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Comment: Re:Looking at the wrong part of the problem (Score 1) 391

by Half-pint HAL (#46646867) Attached to: Toward Better Programming

The original author is looking at the part of the problem that gets the most attention, but not at the part that causes the most problems. He's looking at programming languages and their expressive problems. Those are real, but they're not why large programs break. Large programs usually break for non-local reasons. Typically, Part A was connected to Part B in some way such that an assumption made by part B was not satisfied by part A.

I believe the author ascribes most non-local problems to "incidental complexity". Incidental complexity introduces bugs, which in turn make code less predictable, which causes non-local problems. Furthermore, Grainger focuses on carrying out non-destructive data transforms, à la functional programming, which alone should wipe out a large percentage of non-local problems, as you shouldn't find yourself having to chase down any erroneous value-change bugs.

In fact, Grainger's whole point is about the attitude that you express being typical -- we focus on the fixing the problems created by the imperative programming paradigm within the imperative programming paradigm, rather than simply replacing the imperative paradigm with something more appropriate.

This essay is basically what all our CS lecturers have been saying for the last 40 years....

Comment: Re:After Decades of Wondering What's Wrong (Score 1) 391

by Half-pint HAL (#46646847) Attached to: Toward Better Programming

he chose two rather bad examples. His math formula is as likely to look like gobbledygook to a non-math person as the program is.

Ah, but the thing is that the back-end that allows the formula to be shown in a mathematical notation is an abstracting backend. In current programming, the formula has a machine representation that maps to a single visual representation. Once we start storing abstract forms, we can let the IDE present it according to the user's wishes and knowledge.

Comment: Re:We Choose Framentation Over Consolidation. (Score 1) 391

by Half-pint HAL (#46646823) Attached to: Toward Better Programming

These days, I see a lot of code that CANNOT be read without using an "IDE".

... and herein lies one of computing's biggest paradoxes. We are obsessed with plaintext as being the only suitable format for code because it is "human readable", yet almost every coder on a project of any scale uses an ID with autocompletion etc. The IDE would be much easier to use if it was freed from the constraints of plain text -- rather than linear code ordering, we could order instead by dependencies, and display on screen left-to-right ordered by call when viewing the logic. Away from plaintext, we could start using standard mathematical notation for mathematical problems (see also TFA). We could eliminate most typo bugs by simply not allowing an undefined keyword or label to be used. And we could implement spreadsheet/database-style table displays for the setting of nested arrays of data, rather than faffing around with bracket-matching and erroneous commas.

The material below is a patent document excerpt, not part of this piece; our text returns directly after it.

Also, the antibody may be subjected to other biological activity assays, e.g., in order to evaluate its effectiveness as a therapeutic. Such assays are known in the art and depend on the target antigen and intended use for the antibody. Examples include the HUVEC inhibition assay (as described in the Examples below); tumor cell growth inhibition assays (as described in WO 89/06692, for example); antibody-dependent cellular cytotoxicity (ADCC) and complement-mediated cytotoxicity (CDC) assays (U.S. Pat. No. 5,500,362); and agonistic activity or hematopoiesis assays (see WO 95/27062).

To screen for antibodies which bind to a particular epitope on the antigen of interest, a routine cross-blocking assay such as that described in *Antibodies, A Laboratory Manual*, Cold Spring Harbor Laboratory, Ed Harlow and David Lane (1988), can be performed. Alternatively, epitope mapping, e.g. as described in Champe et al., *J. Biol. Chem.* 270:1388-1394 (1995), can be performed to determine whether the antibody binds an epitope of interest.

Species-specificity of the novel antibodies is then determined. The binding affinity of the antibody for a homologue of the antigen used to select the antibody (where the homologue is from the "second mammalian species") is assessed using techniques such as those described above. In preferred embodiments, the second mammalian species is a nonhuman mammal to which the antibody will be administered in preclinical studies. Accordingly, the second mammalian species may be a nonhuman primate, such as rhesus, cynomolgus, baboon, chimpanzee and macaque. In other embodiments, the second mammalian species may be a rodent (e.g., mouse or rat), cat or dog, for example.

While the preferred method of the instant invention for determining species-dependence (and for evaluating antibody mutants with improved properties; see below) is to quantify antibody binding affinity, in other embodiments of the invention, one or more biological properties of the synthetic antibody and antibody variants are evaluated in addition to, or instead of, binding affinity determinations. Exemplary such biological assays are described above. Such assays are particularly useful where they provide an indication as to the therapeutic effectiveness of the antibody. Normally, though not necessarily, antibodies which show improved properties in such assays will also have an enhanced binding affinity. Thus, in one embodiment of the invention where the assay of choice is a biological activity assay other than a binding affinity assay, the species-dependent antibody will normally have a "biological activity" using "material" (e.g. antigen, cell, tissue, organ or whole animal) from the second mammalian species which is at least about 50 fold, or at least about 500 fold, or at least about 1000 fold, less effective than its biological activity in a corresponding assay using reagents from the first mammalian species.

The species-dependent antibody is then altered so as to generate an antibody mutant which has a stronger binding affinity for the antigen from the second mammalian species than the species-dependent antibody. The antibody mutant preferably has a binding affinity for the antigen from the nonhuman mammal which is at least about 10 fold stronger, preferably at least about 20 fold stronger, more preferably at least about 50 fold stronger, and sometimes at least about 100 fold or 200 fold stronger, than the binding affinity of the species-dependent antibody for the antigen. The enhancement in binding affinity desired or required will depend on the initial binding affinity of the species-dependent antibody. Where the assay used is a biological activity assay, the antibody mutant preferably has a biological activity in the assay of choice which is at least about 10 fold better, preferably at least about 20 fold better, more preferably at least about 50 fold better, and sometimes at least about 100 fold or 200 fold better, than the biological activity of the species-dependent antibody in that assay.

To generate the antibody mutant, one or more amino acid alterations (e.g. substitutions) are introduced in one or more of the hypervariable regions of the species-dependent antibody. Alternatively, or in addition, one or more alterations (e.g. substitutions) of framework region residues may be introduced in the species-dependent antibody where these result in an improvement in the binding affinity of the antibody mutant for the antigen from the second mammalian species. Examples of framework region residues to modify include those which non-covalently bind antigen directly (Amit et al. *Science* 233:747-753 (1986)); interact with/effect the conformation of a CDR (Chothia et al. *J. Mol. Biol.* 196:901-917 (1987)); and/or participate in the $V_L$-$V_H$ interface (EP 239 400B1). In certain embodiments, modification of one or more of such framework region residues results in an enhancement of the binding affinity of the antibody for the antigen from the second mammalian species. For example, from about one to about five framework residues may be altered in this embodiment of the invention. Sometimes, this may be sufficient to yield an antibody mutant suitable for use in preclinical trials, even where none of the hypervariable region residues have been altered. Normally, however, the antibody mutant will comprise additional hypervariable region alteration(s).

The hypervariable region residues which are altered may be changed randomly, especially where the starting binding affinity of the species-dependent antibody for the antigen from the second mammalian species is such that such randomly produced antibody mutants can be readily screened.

We need computing to be more closely bound to the IDE.

Comment: Re:80%? A lofty goal indeed. (Score 1) 391

by Half-pint HAL (#46636999) Attached to: Toward Better Programming
I was always a pretty competent coder, but I hardly ever code these days. I'm perfectly happy thinking in logical terms -- my problem is keeping the logic in my head while I spend several days coding around the logic. When I'm fighting with syntax, eccentricities in library execution etc, I have to not only think about the problem logic, but also the language logic, the library logic, etc etc etc. This is what Grainger calls "incidental complexity" -- everything other than the problem at hand. It distracts from solving the actual problem, and it places a massive unnecessary cognitive load on the coder. It becomes frustrating and limiting, and you sometimes find at the end of the day that you haven't coded exactly what you intended to, because you were so distracted. But all that incidental complexity means that it's very difficult to unpick your code and rewrite it to what you wanted. Incidental complexity is very bad both for the experienced and inexperienced coder.

Comment: Re:Not as bigger deal as it sounds if you RTFA (Score 1) 243

by Half-pint HAL (#46628295) Attached to: Dropbox's New Policy of Scanning Files For DMCA Issues
You've never been involved in any commercial film production then: it's a long, arduous process. Or code development: it's also a long, arduous process. Perhaps in these cases it's the toolchain that's at fault, but at present, suffer you will. But there's nothing that you can do to stop your fingers hurting if you want to learn the guitar to a really high level.